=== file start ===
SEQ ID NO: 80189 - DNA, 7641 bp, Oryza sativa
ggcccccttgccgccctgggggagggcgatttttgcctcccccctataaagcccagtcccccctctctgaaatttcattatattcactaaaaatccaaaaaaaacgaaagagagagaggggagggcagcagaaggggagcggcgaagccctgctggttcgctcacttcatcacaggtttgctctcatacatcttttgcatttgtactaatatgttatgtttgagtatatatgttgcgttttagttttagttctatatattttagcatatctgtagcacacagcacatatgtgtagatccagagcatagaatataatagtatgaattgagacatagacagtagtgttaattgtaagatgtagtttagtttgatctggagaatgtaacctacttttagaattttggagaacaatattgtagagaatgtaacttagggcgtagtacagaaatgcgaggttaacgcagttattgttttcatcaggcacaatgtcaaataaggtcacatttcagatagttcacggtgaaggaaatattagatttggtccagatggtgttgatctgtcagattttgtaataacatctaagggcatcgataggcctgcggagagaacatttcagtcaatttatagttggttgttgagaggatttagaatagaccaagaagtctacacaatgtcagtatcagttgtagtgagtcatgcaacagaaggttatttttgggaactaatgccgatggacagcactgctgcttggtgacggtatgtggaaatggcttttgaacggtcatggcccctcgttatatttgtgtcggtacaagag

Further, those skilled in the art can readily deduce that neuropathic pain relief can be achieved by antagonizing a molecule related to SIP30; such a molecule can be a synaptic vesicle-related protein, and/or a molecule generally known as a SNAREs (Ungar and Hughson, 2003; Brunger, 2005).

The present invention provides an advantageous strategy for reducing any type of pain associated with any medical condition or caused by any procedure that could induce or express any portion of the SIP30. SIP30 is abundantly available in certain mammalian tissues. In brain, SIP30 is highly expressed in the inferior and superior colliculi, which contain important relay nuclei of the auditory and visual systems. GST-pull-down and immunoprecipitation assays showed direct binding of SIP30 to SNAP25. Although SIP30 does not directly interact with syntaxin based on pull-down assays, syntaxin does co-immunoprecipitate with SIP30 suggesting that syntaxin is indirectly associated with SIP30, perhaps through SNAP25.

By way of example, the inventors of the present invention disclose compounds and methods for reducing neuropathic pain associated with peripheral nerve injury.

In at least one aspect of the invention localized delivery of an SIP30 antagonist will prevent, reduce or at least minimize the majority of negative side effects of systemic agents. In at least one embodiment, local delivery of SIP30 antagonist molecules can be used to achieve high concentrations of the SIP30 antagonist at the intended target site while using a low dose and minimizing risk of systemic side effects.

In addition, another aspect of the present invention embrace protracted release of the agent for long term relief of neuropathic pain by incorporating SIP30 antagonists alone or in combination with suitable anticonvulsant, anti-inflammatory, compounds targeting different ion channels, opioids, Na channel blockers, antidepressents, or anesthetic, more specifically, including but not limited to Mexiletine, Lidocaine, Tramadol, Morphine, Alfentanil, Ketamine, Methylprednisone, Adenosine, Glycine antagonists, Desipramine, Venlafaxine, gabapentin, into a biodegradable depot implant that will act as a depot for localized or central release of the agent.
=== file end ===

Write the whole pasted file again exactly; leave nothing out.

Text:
SEQ ID NO: 80189 - DNA, 7641 bp, Oryza sativa
ggcccccttgccgccctgggggagggcgatttttgcctcccccctataaagcccagtcccccctctctgaaatttcattatattcactaaaaatccaaaaaaaacgaaagagagagaggggagggcagcagaaggggagcggcgaagccctgctggttcgctcacttcatcacaggtttgctctcatacatcttttgcatttgtactaatatgttatgtttgagtatatatgttgcgttttagttttagttctatatattttagcatatctgtagcacacagcacatatgtgtagatccagagcatagaatataatagtatgaattgagacatagacagtagtgttaattgtaagatgtagtttagtttgatctggagaatgtaacctacttttagaattttggagaacaatattgtagagaatgtaacttagggcgtagtacagaaatgcgaggttaacgcagttattgttttcatcaggcacaatgtcaaataaggtcacatttcagatagttcacggtgaaggaaatattagatttggtccagatggtgttgatctgtcagattttgtaataacatctaagggcatcgataggcctgcggagagaacatttcagtcaatttatagttggttgttgagaggatttagaatagaccaagaagtctacacaatgtcagtatcagttgtagtgagtcatgcaacagaaggttatttttgggaactaatgccgatggacagcactgctgcttggtgacggtatgtggaaatggcttttgaacggtcatggcccctcgttatatttgtgtcggtacaagag

Further, those skilled in the art can readily deduce that neuropathic pain relief can be achieved by antagonizing a molecule related to SIP30; such a molecule can be a synaptic vesicle-related protein, and/or a molecule generally known as a SNAREs (Ungar and Hughson, 2003; Brunger, 2005).

The present invention provides an advantageous strategy for reducing any type of pain associated with any medical condition or caused by any procedure that could induce or express any portion of the SIP30. SIP30 is abundantly available in certain mammalian tissues. In brain, SIP30 is highly expressed in the inferior and superior colliculi, which contain important relay nuclei of the auditory and visual systems. GST-pull-down and immunoprecipitation assays showed direct binding of SIP30 to SNAP25. Although SIP30 does not directly interact with syntaxin based on pull-down assays, syntaxin does co-immunoprecipitate with SIP30 suggesting that syntaxin is indirectly associated with SIP30, perhaps through SNAP25.

By way of example, the inventors of the present invention disclose compounds and methods for reducing neuropathic pain associated with peripheral nerve injury.

In at least one aspect of the invention localized delivery of an SIP30 antagonist will prevent, reduce or at least minimize the majority of negative side effects of systemic agents. In at least one embodiment, local delivery of SIP30 antagonist molecules can be used to achieve high concentrations of the SIP30 antagonist at the intended target site while using a low dose and minimizing risk of systemic side effects.

In addition, another aspect of the present invention embrace protracted release of the agent for long term relief of neuropathic pain by incorporating SIP30 antagonists alone or in combination with suitable anticonvulsant, anti-inflammatory, compounds targeting different ion channels, opioids, Na channel blockers, antidepressents, or anesthetic, more specifically, including but not limited to Mexiletine, Lidocaine, Tramadol, Morphine, Alfentanil, Ketamine, Methylprednisone, Adenosine, Glycine antagonists, Desipramine, Venlafaxine, gabapentin, into a biodegradable depot implant that will act as a depot for localized or central release of the agent.